Animal Cruelty Rhino silhouette against sunset

Published on August 25th, 2011 | by Rhishja Cota-Larson

0

Rhino Crisis Round Up: Massacre Continues in S Africa, Mixed Results for Rhinos at CITES & More

August 25th, 2011 by

During the past six days, at least four more rhinos were murdered in South Africa because of the ridiculous myth that rhino horn has curative properties.

These brutalities came less than one week after the CITES meeting in Geneva, where pleas made to China and Vietnam to address rhino horn consumption fell on uncooperative ears.

Private reserves hit by killing spree

In a tragic repeat of last week’s Round Up, a mother rhino and her calf were reportedly killed on a private farm near Mokopane in Limpopo Province.

Just days before, three of Aquila Private Game Reserve‘s six resident rhinos were attacked by members of a rhino horn syndicate using veterinary drugs to overdose the animals while they sawed off the horns, leaving the rhinos to bleed to death.

One of the rhinos, who had been darted but still had her horns intact, survived the horrific ordeal.

Another rhino died the day of the attack, and the third rhino survived for a few days before succumbing to his injuries.

WARNING: THIS VIDEO CONTAINS EXTREMELY GRAPHIC IMAGES OF THE INCIDENT DESCRIBED ABOVE.

The killers escaped with a total of three rhino horns.

Mixed results at CITES

At last week’s 61st meeting of Standing Committee of the Convention on International Trade in Endangered Species of Wild Fauna and Flora (CITES), the outcome for rhino horn trade issues was mixed.

WWF stated in a media release that it was “disappointed that consumer states failed to respond to pleas from African and Asian rhino range countries to share the burden of curbing illegal rhino horn trade.”

The NGO noted that China “refused to engage on the issue of reducing demand for rhino horn.”

China’s reaction is hardly surprising. The country has been implicated in a multimillion dollar rhino farming scheme, which involves a “pharmaceutical breeding center” and over 100 rhinos obtained from South Africa.

(At the time of this writing, photos of the “pharmaceutical breeding center” can be seen here and also here.)

WWF expressed concern that this development could be similar to “past proposals to allow trade in medicines made from farmed tigers” and would therefore “encourage a parallel illegal trade” in rhino horn.

(Find out more about the tiger farming scheme at WikiLeaks Cable Reveals Chinese Tiger Farms Cater to Consumption, Not Conservation.)

The NGO also reported that a “working group” would be addressing the issue of rhino horn demand and consumption with Vietnam, as the country was “not required to respond” to rhino horn trade inquiries.

Strong response by UK

Although China and Vietnam would have preferred rhino horn trade talks to be swept under the rug, the UK instead took the matter by the horns.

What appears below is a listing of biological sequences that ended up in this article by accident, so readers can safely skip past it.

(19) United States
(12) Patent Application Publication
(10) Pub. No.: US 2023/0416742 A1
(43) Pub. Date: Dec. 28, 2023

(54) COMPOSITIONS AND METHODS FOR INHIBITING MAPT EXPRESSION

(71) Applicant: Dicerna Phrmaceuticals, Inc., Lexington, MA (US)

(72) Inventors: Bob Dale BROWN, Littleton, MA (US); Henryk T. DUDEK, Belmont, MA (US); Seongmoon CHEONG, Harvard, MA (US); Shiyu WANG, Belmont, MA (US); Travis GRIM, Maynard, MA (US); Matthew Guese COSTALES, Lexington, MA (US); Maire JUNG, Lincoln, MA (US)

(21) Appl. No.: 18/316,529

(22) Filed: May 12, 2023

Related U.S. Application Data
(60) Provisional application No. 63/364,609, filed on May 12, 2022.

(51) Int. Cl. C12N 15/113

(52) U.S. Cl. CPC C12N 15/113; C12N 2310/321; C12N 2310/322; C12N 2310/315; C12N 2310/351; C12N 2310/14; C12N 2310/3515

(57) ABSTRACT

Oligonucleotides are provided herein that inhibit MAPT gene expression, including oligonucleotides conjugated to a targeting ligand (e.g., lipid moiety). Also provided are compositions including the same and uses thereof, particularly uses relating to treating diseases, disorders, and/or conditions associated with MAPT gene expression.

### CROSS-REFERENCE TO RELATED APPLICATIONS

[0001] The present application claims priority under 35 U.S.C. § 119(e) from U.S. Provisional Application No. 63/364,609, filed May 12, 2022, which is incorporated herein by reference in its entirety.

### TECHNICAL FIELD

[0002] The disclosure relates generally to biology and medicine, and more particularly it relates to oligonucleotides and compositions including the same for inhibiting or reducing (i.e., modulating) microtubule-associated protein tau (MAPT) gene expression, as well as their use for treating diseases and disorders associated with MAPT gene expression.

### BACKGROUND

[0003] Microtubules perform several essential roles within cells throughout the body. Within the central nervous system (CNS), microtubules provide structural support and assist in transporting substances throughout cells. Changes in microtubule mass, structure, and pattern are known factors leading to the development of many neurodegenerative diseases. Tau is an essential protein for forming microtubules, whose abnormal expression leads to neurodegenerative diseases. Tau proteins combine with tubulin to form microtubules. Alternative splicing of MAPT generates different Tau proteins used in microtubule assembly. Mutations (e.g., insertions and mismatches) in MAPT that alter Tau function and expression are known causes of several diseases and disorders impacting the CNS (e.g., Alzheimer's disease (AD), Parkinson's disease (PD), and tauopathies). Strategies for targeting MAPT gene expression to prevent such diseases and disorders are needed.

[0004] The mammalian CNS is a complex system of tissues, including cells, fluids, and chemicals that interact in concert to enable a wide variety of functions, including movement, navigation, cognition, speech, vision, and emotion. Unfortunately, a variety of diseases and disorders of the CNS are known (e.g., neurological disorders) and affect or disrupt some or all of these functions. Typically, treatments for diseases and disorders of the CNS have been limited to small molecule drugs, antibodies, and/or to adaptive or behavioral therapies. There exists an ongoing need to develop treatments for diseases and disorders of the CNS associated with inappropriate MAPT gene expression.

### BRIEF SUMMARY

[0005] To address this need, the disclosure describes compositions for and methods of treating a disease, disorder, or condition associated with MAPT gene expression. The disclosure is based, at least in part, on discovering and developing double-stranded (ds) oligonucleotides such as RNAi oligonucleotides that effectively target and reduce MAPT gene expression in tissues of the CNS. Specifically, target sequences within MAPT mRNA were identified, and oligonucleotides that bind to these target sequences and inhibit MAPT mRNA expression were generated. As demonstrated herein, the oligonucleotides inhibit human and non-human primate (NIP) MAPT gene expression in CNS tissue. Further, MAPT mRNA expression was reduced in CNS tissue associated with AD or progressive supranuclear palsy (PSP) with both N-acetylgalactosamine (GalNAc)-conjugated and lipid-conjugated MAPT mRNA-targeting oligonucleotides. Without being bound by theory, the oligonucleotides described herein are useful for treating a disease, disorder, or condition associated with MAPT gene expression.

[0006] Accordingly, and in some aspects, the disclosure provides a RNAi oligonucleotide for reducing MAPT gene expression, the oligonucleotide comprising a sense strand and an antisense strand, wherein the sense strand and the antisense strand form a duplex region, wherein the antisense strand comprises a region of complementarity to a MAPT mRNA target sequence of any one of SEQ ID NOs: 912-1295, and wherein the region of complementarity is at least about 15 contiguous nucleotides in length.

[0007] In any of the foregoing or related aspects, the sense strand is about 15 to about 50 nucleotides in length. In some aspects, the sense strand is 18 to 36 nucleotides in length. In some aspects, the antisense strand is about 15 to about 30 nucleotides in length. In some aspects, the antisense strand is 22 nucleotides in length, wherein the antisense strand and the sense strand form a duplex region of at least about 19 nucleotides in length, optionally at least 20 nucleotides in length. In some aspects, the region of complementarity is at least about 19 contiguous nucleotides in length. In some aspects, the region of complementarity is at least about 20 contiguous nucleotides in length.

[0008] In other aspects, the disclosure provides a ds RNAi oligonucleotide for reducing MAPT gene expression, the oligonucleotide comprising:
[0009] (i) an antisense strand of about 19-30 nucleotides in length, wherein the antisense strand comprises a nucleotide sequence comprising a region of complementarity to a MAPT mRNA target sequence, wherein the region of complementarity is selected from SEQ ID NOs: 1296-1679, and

UK Environment Secretary Caroline Spelman announced that Britain would be “leading global action to clamp down on this cruel and archaic trade, and to dispel the myths peddled to vulnerable people that drive demand for rhino products.”

(Debunking the rhino horn myth sounds like a great idea to me: Check out Rhino Horn = Medicine? NO! (New Campaign to Bust the Myth).

World Rhino Day preparations in Zimbabwe

Chishakwe Ranch in Zimbabwe is facilitating World Rhino Day activities for children in the nearby villages.

As part of Chishakwe’s educational outreach program, children in the Muvava and Uteke primary schools are learning about rhinos and creating posters for World Rhino Day.

World Rhino Day 2011 co-organizer Lisa-Jane Campbell of Chishakwe Ranch explains the importance of involving local communities in conservation efforts.

Once local people feel that wildlife resources are part of their heritage, and as such benefit them, they are much more inclined to join in efforts to protect them; rather than being part of the problem when it comes to poaching. This is particularly the case in key species such as Rhino.

Chishakwe has been actively involved in creating a culture of conservation in neighboring village areas for a number of years as part of its Mangwana (meaning “tomorrow” in Shona) project.

World Rhino Day 2011 details can be found at Mark Your Calendar: World Rhino Day is September 22 {Videos}.

Photo #2 courtesy of Lisa-Jane Campbell, Chishakwe Ranch, Zimbabwe; image #1 © iStockphoto.com

Keep up to date with all the most interesting green news on the planet by subscribing to our (free) Planetsave newsletter.




Tags: , , , , ,


About the Author

Rhishja is the founder of Annamiticus, a nonprofit organization which provides educational information and news about wildlife crime and endangered species. Rhishja has journeyed to the streets of Hanoi to research the illegal wildlife trade, and to the rainforests of Sumatra and Java to document the world’s rarest rhinos. At CITES CoP16 in Bangkok, she joined colleagues from around the world to lobby in favor of protecting endangered species from economic exploitation. When Rhishja is not blogging about the illegal wildlife trade, she enjoys gardening, reading, designing, and rocking out to live music.



Back to Top ↑